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Site-Directed Mutagenesis of Active Site Residues Reveals Plasticity of Human Butyrylcholinesterase in Substrate and Inhibitor Interactions

Authors

  • Averell Gnatt,

    1. Department of Biological Chemistry, The Life Sciences Institute, The Hebrew University of Jerusalem, Jerusalem, Israel
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    • The present address of Dr. A. Gnatt is Department of Cell Biology, Stanford University School of Medicine, Stanford, CA 94305-5400, U.S.A.

  • Yael Loewenstein,

    1. Department of Biological Chemistry, The Life Sciences Institute, The Hebrew University of Jerusalem, Jerusalem, Israel
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  • Avraham Yaron,

    1. Department of Biological Chemistry, The Life Sciences Institute, The Hebrew University of Jerusalem, Jerusalem, Israel
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  • Mikael Schwarz,

    1. Department of Biological Chemistry, The Life Sciences Institute, The Hebrew University of Jerusalem, Jerusalem, Israel
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  • Hermona Soreq

    Corresponding author
    1. Department of Biological Chemistry, The Life Sciences Institute, The Hebrew University of Jerusalem, Jerusalem, Israel
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Address correspondence and reprint requests to Prof. H. Soreq at Department of Biological Chemistry, The Hebrew University, Jerusalem 91904, Israel.

Abstract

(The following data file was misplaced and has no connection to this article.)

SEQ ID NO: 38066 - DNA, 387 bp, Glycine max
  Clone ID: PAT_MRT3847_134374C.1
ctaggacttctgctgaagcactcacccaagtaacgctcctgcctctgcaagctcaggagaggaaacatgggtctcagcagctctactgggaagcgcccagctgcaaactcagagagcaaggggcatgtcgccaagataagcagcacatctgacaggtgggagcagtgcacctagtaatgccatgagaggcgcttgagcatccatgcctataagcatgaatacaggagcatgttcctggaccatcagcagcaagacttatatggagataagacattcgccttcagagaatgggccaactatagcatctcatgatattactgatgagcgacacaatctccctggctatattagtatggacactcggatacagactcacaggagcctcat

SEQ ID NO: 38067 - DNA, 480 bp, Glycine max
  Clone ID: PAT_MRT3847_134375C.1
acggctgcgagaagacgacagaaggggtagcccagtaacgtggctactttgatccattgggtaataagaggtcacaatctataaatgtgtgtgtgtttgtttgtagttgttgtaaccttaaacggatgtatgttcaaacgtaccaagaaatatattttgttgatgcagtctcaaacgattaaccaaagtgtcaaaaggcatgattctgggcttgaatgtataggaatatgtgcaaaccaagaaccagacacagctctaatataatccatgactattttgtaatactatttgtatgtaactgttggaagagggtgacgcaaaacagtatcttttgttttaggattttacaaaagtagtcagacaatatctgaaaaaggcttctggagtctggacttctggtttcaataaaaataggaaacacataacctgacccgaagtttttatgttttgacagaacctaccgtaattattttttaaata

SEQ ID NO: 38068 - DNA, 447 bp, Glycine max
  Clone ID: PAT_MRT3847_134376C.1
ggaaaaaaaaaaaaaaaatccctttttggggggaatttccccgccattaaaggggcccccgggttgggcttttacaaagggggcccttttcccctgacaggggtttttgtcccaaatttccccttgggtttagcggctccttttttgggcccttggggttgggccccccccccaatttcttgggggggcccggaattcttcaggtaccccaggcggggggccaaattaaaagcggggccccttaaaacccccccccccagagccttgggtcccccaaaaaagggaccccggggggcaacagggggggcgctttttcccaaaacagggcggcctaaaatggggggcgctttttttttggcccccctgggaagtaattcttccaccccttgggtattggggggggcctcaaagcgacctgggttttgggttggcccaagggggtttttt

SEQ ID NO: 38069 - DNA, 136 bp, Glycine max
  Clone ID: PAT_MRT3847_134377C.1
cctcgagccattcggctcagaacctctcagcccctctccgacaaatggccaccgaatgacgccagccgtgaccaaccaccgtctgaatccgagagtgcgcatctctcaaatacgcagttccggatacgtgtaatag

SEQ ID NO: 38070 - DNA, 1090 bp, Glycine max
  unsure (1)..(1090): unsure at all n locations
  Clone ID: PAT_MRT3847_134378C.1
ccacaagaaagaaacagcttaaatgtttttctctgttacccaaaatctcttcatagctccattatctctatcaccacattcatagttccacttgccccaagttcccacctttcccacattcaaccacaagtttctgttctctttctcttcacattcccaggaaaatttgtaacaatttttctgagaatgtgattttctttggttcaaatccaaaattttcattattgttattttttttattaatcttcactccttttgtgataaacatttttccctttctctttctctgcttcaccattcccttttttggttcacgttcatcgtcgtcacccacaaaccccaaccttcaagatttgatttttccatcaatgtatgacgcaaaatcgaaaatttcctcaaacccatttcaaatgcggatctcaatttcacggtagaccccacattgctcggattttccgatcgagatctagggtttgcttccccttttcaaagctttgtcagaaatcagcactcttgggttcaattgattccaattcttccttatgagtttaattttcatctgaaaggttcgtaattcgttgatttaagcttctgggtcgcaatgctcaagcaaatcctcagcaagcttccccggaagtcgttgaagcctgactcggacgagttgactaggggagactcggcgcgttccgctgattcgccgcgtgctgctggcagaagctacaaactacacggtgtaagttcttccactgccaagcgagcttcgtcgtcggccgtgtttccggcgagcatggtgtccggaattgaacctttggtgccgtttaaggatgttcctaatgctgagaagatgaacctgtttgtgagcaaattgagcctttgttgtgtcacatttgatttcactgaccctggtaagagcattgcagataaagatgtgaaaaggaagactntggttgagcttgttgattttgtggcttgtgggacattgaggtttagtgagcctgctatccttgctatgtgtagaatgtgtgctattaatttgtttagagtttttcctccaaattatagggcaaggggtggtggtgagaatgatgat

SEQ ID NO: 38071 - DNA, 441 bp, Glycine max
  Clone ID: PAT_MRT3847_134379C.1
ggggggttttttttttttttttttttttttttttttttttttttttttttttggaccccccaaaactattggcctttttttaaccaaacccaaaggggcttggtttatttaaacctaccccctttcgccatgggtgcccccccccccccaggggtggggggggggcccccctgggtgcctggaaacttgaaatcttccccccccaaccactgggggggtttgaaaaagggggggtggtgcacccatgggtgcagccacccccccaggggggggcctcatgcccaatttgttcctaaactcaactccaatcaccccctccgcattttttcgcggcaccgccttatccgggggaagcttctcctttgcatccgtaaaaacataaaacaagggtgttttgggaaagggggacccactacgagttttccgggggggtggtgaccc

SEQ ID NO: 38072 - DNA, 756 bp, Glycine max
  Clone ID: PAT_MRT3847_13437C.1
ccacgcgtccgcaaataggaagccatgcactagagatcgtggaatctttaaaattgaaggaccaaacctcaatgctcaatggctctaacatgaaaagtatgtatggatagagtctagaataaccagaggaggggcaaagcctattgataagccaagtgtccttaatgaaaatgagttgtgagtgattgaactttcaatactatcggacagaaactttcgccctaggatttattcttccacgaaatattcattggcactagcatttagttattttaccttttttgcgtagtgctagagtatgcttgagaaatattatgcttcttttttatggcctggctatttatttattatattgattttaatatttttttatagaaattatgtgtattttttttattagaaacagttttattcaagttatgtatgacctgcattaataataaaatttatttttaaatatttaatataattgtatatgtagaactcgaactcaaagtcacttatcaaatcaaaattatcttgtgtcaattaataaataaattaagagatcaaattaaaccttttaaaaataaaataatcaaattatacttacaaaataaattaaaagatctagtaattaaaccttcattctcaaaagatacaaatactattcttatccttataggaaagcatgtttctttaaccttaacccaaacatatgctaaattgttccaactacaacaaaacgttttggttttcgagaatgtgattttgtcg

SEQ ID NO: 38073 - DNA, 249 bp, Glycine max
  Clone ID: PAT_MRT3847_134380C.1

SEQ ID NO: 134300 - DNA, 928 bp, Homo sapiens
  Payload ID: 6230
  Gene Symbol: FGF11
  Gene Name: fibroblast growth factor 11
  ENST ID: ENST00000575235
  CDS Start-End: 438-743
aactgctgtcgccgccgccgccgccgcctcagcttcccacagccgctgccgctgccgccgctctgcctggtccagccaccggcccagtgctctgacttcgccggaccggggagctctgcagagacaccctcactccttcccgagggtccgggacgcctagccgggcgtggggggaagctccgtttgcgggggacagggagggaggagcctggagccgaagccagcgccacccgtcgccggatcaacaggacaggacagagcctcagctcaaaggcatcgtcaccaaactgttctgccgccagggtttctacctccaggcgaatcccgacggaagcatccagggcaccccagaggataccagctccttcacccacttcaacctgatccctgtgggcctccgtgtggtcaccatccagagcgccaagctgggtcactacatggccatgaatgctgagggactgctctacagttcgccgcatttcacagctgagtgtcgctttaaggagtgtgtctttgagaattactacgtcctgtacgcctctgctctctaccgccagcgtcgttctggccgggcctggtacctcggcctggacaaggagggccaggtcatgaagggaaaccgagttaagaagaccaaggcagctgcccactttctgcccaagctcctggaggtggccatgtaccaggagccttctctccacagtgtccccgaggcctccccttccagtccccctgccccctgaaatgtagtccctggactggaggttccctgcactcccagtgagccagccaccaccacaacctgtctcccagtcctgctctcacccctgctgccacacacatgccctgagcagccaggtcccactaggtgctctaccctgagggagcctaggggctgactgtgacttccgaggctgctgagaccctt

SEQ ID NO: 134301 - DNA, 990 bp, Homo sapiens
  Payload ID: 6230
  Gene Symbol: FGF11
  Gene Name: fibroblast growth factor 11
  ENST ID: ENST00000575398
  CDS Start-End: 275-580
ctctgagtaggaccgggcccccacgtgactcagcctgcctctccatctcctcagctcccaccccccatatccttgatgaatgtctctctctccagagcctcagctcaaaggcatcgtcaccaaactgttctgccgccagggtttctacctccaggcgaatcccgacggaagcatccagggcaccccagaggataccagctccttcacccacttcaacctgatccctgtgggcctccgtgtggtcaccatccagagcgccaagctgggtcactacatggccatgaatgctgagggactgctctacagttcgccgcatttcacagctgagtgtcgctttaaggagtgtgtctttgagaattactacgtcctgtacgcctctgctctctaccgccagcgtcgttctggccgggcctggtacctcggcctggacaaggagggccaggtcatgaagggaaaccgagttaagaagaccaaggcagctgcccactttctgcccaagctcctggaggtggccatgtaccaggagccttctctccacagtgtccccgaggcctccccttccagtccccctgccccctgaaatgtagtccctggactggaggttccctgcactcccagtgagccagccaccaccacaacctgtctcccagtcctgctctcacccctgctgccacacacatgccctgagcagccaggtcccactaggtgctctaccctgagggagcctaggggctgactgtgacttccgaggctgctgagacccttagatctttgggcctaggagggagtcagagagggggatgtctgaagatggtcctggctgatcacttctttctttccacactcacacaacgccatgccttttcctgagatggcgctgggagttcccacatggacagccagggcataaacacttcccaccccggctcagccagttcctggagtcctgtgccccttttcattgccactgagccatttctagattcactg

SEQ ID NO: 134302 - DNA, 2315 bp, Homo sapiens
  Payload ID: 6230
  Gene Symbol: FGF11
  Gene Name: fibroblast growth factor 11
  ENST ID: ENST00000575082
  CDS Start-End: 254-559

Abstract: In search of the molecular mechanisms underlying the broad substrate and inhibitor specificities of butyrylcholinesterase (BuChE), we employed site-directed mutagenesis to modify the catalytic triad residue Ser198, the acyl pocket Leu286 and adjacent Phe329 residues, and Met437 and Tyr440 located near the choline binding site. Mutant proteins were produced in microinjected Xenopus oocytes, and Km values towards butyrylthiocholine and IC50 values for the organophosphates diisopropylfluorophosphonate (DFP), diethoxyphosphinylthiocholine iodide (echothiophate), and tetraisopropylpyrophosphoramide (iso-OMPA) were determined. Substitution of Ser198 by cysteine and Met437 by aspartate nearly abolished activity, and other mutations of Ser198 completely abolished it. Tyr440 and Leu286 mutants remained active, but with higher Km and IC50 values. Rates of inhibition by DFP were roughly parallel to IC50 values for several Leu286 mutants. Both Km and IC50 values increased for Leu286 mutants in the order Asp < Gln < Lys. In contrast, cysteine, leucine, and glutamine mutants of Phe329 displayed unmodified Km values toward butyrylthiocholine, but up to 10-fold decreased IC50 values for DFP, iso-OMPA, and echothiophate. These findings add Tyr440 and Phe329 to the list of residues interacting with substrate and ligands, demonstrate plasticity in the active site region of BuChE, and foreshadow the design of recombinant BuChEs with tailored scavenging properties.

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